When faced with the bewildering array of heartworm and flea treatments, dog owners have two choices:
- Ask advice
- Research it yourself
An amazing number of dog owners using option 2 will buy Sentinel Spectrum. One look at our chart of the flea and heartworm treatments for dogs and you’ll see why. It does ‘everything’.
Is it really as good as it looks? I’ll let you decide. In the process, you’re going to learn a whole lot about choosing the best product for your dog.
But I must warn you: this isn’t going to be fair. There’s a reason behind everything I say, but you’re getting my personal opinions.
What Is Sentinel Spectrum?
Sentinel Spectrum is a once-a-month flavoured tablet that prevents heartworm, fleas and intestinal worms in dogs. It is the most complete single product for these three groups of parasites. That’s why it’s deservedly popular. I like it too.
Once you understand it you might, like me, think there are better solutions. It’s a case of ‘jack of all trades, master of none’. Let’s look at each of the things it does, and a few extra it doesn’t.
Sentinel’s Flea Control
Sentinel contains lufenuron, an insect growth regulator. It kills fleas in the egg by blocking their growth. That’s great for safety. Being the only non-insecticidal product for dogs is certainly an excellent drawcard.
However, not killing fleas isn’t always compatible with an active lifestyle. Your dog will undoubtedly pick up ‘travellers’ on the street, at the park, and even in your yard from stray cats. These fleas will live long, happy lives. So if you’re into flea welfare, Sentinel is the best. Personally, that’s not a group I’ll be joining anytime soon.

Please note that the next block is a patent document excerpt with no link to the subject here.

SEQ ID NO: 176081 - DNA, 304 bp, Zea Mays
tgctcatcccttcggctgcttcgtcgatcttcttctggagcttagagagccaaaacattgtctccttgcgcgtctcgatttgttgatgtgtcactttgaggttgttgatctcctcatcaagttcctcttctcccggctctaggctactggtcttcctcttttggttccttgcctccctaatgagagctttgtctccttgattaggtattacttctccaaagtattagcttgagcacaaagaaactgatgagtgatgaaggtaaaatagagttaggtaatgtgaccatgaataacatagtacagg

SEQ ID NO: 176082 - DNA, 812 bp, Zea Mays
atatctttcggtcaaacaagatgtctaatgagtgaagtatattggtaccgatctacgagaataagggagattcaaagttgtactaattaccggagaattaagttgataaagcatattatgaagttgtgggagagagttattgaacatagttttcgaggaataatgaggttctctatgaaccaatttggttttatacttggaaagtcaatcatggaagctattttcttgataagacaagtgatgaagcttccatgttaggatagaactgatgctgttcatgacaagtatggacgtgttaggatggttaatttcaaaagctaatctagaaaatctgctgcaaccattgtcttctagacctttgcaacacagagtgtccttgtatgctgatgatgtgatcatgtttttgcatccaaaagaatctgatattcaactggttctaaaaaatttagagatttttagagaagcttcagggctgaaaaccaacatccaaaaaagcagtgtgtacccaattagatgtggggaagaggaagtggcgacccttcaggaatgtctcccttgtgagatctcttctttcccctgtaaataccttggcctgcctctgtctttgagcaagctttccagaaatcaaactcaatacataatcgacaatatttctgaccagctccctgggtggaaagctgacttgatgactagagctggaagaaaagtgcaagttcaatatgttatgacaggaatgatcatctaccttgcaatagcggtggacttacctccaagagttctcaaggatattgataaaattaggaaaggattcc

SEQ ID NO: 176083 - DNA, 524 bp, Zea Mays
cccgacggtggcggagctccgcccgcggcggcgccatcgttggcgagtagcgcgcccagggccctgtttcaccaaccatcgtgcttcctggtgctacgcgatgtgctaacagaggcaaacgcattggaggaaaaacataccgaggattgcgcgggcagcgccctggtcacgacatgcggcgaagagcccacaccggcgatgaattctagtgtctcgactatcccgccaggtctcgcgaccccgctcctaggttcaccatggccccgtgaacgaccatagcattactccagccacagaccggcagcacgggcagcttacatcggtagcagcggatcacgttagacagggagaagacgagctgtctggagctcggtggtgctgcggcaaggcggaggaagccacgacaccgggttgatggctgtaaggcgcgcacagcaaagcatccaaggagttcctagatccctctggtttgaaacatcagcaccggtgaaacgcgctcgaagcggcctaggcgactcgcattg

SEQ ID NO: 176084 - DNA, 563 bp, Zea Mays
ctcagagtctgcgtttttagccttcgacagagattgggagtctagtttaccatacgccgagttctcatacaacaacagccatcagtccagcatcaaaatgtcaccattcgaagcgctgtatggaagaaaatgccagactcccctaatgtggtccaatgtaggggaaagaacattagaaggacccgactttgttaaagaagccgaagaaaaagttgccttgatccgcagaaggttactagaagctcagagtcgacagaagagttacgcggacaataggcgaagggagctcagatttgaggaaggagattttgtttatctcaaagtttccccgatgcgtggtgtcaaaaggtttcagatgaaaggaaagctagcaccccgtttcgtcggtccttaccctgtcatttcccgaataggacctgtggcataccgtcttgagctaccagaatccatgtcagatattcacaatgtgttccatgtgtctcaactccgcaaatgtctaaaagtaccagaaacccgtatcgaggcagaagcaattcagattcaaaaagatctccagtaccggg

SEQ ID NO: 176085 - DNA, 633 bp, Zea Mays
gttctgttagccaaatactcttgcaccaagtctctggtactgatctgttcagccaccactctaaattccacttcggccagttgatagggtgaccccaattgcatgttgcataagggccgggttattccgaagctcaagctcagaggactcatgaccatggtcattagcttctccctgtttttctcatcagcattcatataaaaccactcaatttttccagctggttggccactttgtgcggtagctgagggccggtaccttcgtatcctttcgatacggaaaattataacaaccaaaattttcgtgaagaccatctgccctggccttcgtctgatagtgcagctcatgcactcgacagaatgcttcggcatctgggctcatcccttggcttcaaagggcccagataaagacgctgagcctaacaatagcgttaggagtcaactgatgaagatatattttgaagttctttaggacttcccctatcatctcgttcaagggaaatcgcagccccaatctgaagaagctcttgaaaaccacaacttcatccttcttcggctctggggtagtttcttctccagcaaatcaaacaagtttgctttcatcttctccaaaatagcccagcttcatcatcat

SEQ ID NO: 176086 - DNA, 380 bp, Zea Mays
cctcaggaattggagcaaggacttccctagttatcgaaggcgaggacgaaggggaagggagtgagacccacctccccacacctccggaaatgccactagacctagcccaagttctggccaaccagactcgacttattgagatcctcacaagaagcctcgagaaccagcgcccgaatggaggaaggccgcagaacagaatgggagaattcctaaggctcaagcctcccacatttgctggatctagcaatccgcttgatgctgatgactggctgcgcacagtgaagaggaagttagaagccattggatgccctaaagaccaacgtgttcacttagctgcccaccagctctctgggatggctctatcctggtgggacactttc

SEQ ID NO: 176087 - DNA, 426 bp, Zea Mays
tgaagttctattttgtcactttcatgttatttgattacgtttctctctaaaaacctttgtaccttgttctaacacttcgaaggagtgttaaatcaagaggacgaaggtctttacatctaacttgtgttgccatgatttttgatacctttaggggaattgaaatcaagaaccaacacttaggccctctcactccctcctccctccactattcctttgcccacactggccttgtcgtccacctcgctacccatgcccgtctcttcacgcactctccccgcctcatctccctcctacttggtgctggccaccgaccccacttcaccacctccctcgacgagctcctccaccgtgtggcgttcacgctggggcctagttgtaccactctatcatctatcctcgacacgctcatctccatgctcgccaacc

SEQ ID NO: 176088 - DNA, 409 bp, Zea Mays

My Flea Control Choice
Modern treatments in the isoxazoline class are very safe and extremely fast in removing fleas. Like Sentinel, they’re also tablets so you don’t have any messy drug and solvent on the coat.
There are three. Simparica is my clear winner. I have seen no evidence of it being out-performed anywhere. Just yesterday I saw a dog that lives in the hills who has always had mite problems no matter what was used. Until this year, that is, thanks to Simparica. One very happy dog (and owner).
Bravecto has taken a lot of heat for suspected adverse reactions in dogs, which I think is unfair. However, it’s still wise to avoid longer-acting products if you can use shorter-acting products effectively.
Nexgard I have no strong opinion of. Towards the end of the month, it’s a bit slower to kill fleas and ticks than Simparica though.
Hang on, did I just mention mites and ticks? That needs an explanation.
Is Sentinel a Mite & Tick Treatment?
Nope. Companies aren’t great at telling you what their products don’t cover. Here’s a list of the common mites and ticks of Aussie dogs, which is very similar to other countries.
- Ear mites
- Demodex mites
- Sarcoptic (mange) mites
- Paralysis tick (not present in Adelaide)
- Brown dog tick
The paralysis tick deserves a special mention. At any one time, half of the patients in some vet hospitals in the eastern states can have tick paralysis. It kills without treatment and is very expensive to manage.
Now consider this: there’s a series of new products that finally are capable of preventing tick paralysis properly. Those products are, once again, Simparica, Nexgard, Bravecto.